Live chat with expert: Cynthia Huling Hummel

After receiving an Alzheimer’s diagnosis, it can be challenging for some individuals to move away from denial to living a life filled with hope. Learning how to process the emotions and challenges that accompany dementia can help those living with the disease, caregivers, and family members navigate the disease more positively.

Join gerontologist and caregiver advocate Lakelyn Hogan and advocate, artist and author Cynthia Huling Hummel as Cynthia shares her personal experience of what it’s like to live with Alzheimer’s. She will share how she expresses her emotions and struggles through art and her book, “UnMasking Alzheimer’s.”

About the expert

Cynthia Huling Hummel
Artist, author and fierce Alzheimer’s advocate, Rev. Dr. Cynthia Huling Hummel has become a voice for those living with the disease. Her own experiences living with Alzheimer’s and passion for research guided her to serve as a National Early-Stage Advisor for the Alzheimer’s Association and will be entering her tenth year in ADNI the Alzheimer’s Disease Neuro-Imaging Initiative, a long-term observational clinical study. Cynthia has presented at two NIH Research Summits and is currently serving on a panel for the National Academy of Sciences Alzheimer's Decadal Study and a member of the NIH/NIA work group on Biomarkers & Genetics, and serving on Dementia Nomenclature Steering Committee. She recently completed a two-year term on the National Council on Alzheimer’s Research, Care and Services representing the 5.8 million Americans living with Alzheimer's and related dementias. Cynthia’s book "UnMasking Alzheimer’s," describes her perspective on living with Alzheimer’s through 36 masks she’s created. The book provides an opportunity for people to discuss the changes and challenges that come with a dementia diagnosis. Additionally, she’s a member of Faith United Against Alzheimer’s and wrote several chapters for Dementia-Friendly Worship: A Multifaith Handbook for Chaplains, Clergy and Faith Communities.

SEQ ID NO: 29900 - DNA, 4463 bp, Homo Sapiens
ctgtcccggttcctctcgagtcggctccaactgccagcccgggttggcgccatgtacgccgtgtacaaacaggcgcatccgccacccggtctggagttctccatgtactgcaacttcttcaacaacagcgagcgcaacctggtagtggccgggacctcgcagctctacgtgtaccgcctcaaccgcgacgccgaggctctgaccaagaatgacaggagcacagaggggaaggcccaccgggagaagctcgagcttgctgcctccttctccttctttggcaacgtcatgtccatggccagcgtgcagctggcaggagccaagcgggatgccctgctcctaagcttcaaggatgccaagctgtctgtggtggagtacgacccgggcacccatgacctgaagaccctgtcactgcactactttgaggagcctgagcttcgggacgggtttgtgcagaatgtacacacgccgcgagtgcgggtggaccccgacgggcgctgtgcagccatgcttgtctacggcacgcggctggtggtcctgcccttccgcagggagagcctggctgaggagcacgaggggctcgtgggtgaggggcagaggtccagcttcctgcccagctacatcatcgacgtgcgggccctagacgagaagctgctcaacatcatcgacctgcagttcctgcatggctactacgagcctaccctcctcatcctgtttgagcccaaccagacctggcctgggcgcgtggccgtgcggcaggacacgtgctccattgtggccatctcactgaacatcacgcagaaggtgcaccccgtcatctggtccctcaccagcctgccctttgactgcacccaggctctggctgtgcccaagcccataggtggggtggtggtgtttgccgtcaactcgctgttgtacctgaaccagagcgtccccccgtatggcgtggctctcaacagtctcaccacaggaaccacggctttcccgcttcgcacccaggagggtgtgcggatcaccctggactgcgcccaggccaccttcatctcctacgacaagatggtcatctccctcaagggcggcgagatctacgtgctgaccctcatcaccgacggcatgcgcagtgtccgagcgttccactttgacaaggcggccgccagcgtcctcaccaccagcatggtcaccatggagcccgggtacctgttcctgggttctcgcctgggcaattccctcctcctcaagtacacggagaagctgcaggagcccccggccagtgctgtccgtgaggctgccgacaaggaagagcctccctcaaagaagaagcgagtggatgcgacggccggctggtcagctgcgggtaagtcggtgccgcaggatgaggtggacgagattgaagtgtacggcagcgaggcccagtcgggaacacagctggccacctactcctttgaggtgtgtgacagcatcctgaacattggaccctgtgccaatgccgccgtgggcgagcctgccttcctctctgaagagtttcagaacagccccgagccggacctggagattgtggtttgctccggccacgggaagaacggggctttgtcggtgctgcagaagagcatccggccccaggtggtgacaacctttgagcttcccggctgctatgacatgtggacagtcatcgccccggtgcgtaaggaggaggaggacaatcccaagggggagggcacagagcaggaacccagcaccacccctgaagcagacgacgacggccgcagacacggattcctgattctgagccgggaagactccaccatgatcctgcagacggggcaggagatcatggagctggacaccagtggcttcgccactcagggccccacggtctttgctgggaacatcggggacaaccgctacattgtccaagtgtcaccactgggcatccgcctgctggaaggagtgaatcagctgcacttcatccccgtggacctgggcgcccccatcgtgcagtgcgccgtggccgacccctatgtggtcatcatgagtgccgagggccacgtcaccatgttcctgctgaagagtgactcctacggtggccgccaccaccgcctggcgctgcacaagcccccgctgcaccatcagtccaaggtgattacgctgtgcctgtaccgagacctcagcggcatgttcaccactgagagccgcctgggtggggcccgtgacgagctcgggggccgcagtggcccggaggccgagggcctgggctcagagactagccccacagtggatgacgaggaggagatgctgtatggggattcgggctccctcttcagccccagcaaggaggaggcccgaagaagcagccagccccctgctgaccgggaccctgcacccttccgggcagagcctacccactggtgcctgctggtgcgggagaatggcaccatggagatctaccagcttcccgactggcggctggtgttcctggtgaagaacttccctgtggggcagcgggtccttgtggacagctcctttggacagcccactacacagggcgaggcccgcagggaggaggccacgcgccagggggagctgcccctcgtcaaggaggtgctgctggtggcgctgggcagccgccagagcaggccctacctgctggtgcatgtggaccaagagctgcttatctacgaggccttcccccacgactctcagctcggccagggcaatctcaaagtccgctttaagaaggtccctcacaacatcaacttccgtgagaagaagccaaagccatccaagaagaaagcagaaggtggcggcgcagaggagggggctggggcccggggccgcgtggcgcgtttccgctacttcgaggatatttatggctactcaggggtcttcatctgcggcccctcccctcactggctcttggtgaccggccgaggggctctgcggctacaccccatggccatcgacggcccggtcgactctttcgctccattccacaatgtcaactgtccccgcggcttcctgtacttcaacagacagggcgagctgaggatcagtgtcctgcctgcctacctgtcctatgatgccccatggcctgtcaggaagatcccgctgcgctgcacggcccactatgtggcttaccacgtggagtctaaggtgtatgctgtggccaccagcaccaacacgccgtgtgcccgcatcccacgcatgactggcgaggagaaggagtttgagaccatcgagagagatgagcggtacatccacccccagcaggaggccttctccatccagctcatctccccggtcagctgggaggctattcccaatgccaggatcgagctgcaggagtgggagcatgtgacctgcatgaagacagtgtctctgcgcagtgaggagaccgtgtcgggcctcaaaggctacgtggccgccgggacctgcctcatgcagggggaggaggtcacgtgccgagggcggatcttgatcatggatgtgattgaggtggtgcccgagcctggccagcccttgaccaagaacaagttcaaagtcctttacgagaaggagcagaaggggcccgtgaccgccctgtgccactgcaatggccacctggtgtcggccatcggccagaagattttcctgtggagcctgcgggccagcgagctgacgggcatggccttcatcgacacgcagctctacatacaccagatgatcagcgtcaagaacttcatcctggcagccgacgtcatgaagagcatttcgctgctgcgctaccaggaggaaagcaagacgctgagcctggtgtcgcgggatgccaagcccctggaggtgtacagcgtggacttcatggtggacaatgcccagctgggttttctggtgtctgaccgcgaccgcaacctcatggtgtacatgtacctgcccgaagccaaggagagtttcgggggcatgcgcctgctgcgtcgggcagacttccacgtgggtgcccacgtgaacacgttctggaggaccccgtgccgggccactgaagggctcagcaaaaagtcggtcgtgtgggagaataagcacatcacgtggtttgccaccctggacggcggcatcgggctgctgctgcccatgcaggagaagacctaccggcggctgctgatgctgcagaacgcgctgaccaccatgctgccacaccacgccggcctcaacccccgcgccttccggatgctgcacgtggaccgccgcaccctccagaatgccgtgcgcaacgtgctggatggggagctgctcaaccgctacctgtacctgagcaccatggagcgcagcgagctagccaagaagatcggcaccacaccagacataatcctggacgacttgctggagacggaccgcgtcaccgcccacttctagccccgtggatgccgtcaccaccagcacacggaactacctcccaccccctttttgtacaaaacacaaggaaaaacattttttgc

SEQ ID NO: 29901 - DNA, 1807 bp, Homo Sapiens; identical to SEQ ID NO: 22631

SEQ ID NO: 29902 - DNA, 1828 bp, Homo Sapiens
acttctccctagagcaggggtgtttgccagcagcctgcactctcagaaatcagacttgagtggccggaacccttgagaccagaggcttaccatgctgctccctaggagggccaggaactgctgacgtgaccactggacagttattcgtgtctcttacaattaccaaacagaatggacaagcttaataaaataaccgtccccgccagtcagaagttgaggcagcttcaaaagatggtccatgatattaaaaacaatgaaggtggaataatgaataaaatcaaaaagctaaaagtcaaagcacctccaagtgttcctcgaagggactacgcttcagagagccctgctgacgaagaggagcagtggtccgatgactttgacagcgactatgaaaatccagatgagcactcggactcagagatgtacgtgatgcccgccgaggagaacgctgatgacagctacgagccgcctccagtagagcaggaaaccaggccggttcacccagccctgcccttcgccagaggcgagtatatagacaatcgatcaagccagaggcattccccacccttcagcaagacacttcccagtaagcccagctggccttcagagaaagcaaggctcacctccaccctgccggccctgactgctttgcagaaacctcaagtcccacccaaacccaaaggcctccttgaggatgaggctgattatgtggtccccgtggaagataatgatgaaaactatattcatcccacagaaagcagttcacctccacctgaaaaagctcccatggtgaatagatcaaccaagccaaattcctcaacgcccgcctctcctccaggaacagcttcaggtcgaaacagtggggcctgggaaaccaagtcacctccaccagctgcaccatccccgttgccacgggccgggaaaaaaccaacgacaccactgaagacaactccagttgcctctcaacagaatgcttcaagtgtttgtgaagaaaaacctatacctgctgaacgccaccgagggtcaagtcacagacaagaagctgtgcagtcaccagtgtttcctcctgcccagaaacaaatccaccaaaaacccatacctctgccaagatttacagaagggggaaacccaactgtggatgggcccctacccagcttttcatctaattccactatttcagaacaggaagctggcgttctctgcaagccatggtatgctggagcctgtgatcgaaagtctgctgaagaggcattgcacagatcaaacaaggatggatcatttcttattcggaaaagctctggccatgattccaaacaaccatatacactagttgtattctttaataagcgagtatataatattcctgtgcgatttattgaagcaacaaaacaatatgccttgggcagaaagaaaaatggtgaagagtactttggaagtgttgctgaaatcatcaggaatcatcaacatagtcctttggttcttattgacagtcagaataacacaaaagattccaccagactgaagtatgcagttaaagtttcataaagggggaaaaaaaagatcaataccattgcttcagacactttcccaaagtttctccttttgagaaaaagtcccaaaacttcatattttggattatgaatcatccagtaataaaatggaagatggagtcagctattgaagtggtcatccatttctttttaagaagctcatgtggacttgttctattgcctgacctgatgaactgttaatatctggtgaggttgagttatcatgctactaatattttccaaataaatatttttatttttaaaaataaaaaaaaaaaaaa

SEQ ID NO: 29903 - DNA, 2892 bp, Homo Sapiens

2 thoughts on “Moving from ‘Why me?’ to ‘What’s next?’

  • charles otachi

    How I wish Iam one of the winning team at Alzheimers families

  • charles otachi

    I am a Kenyan citizen and wish to join Alzheimer’s families this is because I need to learn few methods of caring for the old men and women like Alzheimer’s home.
    In my home area mostly when the aged Men and Women find they are left at home by their own children who has a attained working class and have no time for them any more I take the opportunity to care them for the glory of God and I surely sympathies with them.

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